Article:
The massive longitudinal sectioned plan of Titanic that was used during the British Board of Trade’s inquiry into the tragedy is now on display at Titanic Belfast, the innovative museum which opened this year on the site of the former Harland and Wolff shipyard where Titanic was built. This is great news for Titanic enthusiasts because the plan was only displayed in public for the first time last year before being purchased by an anonymous private collector for a record £220,000 ($363,000) on May 31st, 2011, the 100th anniversary of Titanic’s launch. That collector has generously loaned it to the museum for permanent display.
Created by the Naval Architects Department of White Star Line, the plan was hand-drawn in India ink with red and blue chalk marking the places where the iceberg was thought to have torn through five of the ship’s watertight bulkheads on the night of April 14th, 1912. It is 33 feet long and almost five feet wide, drawn to a precise scale of 3/8ths of an inch to one foot, on a single piece of paper which was then affixed to a linen backing. It was captioned in great detail to make the complex design and usage of the boat clear to the members of the Board of Inquiry who used it throughout their investigation.
The plan hung from cables in the hearing room and was referred to constantly by eyewitnesses (among them the only two passengers called to testify: Sir Cosmo and Lady Duff-Gordon), experts (Ernest Shackleton testified on navigating icy waters and Guglielmo Marconi on wireless telegraphy), White Star officials, and commissioners during the 36 days of the inquiry.
You can see the full plan in greater detail in this BBC photo gallery. The red and blue chalk drawings added during the inquiry to mark the areas of impact are on the last two pictures.
Expert Una Reilly, who is co-founder of the Belfast Titanic Society, said the plan helped to dispel one of the enduring myths about the sinking.
“There has been for more than 100 years this theory that there was a 300 foot gash in Titanic,” she said.
“The actual total amount of damage caused by the iceberg was 12 square feet, which is the size of a normal room door. But it was the fact that it was in six different places.”
The Board of Trade inquiry ended on July 3rd, 1912, concluding that “excessive speed” had caused the sinking of Titanic. The plan was returned to the White Star Line and it remained in private hands, unseen by the public until its sale last year. All we know about the person who bought it is that he or she is Irish and a Titanic enthusiast who wants to share the awesomeness of this one-of-a-kind artifact with the public.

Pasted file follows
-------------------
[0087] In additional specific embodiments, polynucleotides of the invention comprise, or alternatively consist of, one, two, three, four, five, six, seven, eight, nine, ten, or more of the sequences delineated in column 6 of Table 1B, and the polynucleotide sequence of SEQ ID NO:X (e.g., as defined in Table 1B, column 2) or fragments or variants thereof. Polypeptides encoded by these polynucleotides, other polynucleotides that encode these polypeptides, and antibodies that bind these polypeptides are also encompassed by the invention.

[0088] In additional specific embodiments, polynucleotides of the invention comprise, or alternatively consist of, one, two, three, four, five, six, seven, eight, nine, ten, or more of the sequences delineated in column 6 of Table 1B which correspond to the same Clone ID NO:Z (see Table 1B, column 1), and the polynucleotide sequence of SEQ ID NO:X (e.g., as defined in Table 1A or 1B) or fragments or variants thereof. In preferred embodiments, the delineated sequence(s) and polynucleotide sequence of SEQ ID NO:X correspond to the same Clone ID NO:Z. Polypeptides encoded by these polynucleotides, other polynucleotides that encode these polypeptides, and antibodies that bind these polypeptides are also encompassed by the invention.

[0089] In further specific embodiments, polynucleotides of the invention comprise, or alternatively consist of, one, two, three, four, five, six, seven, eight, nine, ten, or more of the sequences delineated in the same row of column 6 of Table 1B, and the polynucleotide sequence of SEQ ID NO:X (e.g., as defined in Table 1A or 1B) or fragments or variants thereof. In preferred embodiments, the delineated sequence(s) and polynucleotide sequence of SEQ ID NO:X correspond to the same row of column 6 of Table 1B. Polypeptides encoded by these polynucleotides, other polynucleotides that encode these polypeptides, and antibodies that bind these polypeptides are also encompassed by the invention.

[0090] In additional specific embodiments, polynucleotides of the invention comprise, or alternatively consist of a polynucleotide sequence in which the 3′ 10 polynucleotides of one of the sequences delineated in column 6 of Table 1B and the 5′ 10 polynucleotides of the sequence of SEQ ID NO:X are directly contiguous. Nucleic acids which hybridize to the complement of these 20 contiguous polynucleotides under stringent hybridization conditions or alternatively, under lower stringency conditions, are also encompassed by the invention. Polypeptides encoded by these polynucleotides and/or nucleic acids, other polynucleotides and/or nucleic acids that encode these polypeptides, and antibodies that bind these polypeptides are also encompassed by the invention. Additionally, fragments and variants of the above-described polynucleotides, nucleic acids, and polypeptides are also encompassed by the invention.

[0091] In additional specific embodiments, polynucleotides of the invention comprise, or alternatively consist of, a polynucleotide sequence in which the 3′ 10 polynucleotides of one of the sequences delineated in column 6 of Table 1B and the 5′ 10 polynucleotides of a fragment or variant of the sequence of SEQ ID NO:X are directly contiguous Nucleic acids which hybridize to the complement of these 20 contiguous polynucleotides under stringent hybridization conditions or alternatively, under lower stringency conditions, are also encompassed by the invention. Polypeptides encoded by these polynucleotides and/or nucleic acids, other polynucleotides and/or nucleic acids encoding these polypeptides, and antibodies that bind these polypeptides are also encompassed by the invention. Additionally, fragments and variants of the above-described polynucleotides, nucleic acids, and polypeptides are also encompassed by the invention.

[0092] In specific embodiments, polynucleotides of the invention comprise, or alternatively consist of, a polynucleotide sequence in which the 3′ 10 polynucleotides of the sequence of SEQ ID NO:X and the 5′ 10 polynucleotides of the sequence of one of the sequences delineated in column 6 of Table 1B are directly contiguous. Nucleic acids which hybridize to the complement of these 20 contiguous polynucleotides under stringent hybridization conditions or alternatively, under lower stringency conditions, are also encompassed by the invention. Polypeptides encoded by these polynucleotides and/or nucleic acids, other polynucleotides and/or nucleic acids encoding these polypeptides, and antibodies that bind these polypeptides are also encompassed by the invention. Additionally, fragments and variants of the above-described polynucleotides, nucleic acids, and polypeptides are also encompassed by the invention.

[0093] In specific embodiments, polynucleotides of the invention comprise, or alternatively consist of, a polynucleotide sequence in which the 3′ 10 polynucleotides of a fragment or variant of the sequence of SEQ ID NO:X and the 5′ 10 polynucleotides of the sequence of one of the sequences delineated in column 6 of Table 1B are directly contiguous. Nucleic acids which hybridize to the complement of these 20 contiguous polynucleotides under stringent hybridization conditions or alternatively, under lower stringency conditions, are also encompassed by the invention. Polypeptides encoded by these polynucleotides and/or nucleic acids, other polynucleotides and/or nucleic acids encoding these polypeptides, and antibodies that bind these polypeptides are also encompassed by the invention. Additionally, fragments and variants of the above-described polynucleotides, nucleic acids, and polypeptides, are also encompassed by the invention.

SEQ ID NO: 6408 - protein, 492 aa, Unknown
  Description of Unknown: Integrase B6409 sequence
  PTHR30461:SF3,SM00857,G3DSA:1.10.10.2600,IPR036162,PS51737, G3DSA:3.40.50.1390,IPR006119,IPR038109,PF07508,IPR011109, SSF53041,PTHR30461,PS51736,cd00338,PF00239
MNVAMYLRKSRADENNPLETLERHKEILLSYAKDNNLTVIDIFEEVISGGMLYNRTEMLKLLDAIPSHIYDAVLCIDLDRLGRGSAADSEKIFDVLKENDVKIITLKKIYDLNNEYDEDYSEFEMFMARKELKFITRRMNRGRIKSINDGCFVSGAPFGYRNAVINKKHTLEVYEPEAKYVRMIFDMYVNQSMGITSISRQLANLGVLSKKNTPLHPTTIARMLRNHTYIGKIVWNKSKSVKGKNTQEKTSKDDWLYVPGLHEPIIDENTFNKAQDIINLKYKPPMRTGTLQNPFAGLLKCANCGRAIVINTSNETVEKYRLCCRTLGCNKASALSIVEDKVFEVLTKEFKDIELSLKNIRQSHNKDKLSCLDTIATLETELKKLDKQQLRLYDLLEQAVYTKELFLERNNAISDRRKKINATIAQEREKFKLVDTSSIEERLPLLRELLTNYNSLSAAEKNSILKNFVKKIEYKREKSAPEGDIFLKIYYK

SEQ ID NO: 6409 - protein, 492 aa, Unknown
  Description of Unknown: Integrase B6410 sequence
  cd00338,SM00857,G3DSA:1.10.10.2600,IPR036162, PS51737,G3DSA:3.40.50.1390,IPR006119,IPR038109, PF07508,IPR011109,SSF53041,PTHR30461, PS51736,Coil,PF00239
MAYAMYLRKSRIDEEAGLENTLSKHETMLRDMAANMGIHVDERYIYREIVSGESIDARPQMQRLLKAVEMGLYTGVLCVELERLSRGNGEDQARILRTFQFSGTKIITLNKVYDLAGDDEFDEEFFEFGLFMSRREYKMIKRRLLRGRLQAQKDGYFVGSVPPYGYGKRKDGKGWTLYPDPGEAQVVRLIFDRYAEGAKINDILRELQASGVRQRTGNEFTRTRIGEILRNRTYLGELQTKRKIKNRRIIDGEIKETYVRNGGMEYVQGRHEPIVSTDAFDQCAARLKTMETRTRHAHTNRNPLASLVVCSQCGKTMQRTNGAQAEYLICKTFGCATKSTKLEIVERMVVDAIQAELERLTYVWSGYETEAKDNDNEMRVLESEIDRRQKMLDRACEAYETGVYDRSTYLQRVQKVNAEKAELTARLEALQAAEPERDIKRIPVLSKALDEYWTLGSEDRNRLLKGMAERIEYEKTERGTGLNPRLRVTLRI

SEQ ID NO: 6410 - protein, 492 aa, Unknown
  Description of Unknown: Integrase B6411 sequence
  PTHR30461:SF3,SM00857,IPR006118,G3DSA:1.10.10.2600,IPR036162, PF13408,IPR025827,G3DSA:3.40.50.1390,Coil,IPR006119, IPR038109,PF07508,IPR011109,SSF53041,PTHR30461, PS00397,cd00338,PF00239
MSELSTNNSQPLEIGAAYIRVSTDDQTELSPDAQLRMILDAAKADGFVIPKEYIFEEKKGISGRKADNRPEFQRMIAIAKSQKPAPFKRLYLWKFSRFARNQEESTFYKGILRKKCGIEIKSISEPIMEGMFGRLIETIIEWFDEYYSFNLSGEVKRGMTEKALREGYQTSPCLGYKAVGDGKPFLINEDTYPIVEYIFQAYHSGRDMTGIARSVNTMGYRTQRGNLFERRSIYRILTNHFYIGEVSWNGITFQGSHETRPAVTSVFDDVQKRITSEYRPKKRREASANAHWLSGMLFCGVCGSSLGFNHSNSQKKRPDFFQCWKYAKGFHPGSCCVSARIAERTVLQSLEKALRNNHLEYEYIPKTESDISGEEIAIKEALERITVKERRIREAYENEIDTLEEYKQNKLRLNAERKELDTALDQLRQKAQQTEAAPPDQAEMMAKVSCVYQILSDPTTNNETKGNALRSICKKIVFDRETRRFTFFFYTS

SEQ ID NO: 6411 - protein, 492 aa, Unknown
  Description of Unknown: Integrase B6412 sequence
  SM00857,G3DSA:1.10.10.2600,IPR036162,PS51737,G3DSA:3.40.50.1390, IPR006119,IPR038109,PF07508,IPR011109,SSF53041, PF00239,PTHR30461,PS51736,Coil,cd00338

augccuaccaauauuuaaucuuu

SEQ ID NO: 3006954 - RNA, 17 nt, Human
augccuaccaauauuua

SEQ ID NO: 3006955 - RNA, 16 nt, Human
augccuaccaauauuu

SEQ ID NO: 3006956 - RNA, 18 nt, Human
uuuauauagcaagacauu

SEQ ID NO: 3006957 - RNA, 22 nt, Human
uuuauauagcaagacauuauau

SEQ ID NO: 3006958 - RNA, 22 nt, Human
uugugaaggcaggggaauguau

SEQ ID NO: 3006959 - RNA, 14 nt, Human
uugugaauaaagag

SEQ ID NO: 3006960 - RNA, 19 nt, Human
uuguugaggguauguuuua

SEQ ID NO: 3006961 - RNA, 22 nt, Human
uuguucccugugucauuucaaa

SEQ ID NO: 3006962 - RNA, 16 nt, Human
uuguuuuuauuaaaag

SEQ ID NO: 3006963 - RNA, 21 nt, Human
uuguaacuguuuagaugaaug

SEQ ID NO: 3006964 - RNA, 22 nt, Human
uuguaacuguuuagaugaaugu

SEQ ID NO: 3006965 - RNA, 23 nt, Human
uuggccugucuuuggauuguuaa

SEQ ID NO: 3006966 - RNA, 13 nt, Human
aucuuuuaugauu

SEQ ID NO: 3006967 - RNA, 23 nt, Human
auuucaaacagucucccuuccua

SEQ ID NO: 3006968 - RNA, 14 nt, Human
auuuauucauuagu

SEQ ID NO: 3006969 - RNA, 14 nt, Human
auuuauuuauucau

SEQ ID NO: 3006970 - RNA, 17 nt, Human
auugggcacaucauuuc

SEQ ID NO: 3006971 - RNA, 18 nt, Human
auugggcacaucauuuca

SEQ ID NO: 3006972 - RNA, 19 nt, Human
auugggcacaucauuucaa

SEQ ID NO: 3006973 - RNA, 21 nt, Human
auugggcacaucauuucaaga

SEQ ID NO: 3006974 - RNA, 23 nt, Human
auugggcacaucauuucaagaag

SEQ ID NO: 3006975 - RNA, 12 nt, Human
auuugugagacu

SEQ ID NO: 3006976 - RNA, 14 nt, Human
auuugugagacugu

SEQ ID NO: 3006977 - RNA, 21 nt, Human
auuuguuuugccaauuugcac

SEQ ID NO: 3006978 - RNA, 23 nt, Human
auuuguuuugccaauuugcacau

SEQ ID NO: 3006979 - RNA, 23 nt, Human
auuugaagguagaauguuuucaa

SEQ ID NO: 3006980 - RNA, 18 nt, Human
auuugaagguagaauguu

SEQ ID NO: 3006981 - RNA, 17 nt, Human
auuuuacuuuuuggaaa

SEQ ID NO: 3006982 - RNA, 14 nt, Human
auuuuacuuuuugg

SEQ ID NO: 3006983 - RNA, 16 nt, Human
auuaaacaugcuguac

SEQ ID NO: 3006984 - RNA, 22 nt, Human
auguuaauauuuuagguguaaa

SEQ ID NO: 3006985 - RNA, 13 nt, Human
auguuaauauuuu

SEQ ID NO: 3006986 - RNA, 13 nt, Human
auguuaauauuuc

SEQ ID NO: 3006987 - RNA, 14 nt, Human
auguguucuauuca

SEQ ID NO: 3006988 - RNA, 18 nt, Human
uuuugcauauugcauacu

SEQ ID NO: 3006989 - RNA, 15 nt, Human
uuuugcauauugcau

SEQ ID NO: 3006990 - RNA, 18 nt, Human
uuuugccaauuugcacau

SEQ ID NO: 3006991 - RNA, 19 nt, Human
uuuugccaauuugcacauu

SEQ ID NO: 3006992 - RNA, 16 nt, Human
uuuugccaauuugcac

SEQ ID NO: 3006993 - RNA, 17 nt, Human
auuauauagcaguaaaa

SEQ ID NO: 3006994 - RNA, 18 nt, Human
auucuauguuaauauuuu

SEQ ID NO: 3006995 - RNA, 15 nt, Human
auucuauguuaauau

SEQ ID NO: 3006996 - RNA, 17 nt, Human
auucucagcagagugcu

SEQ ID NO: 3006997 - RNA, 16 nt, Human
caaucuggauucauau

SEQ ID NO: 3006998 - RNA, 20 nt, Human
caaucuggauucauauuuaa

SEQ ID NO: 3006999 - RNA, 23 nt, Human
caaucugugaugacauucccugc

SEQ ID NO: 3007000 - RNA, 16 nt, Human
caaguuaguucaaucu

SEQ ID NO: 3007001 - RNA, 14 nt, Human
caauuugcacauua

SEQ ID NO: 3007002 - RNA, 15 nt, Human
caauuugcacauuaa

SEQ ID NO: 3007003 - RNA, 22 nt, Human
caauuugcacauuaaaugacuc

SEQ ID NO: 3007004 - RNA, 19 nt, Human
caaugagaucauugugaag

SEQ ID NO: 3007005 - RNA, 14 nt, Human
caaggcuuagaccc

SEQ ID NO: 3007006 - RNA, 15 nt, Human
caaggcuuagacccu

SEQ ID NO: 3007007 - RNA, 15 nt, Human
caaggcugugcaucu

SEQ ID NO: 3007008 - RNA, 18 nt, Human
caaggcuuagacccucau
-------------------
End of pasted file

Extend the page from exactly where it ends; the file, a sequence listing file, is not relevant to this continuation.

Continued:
Before going on display, the plan spent five weeks being examined and tended to by paper conservator Sean Madden. He found it in excellent condition, even though it probably spent a few decades gathering dust in a White Star archive before some unknown person saved it from destruction in the 30s or 40s after the 1934 merger of Cunard and White Star. He also believes that a drawing of such detail and size could not have been produced in the ten days between the commissioning of the Board of Trade inquiry on April 22nd, 1912 and the first day of hearings on May 2nd, 1912. Madden thinks it was created in 1908 as a working drawing used for reference during Titanic’s construction in Belfast which is why White Star was able to produce it in time for the inquiry.
The titanic Titanic profile went on display in Titanic Belfast’s “Aftermath” gallery on Thursday, November 27th. There it will be seen by hundreds of thousands of people a year. There was concern before the museum opened this year in time for the 100th year anniversary of the sinking of Titanic that it would have a hard time recouping the £90 million ($144,000,000) investment in its construction. The Northern Ireland audit office estimated it would have to attract 290,000 visitors every year just to break even. It has attracted more than 600,000 visitors in just eight months.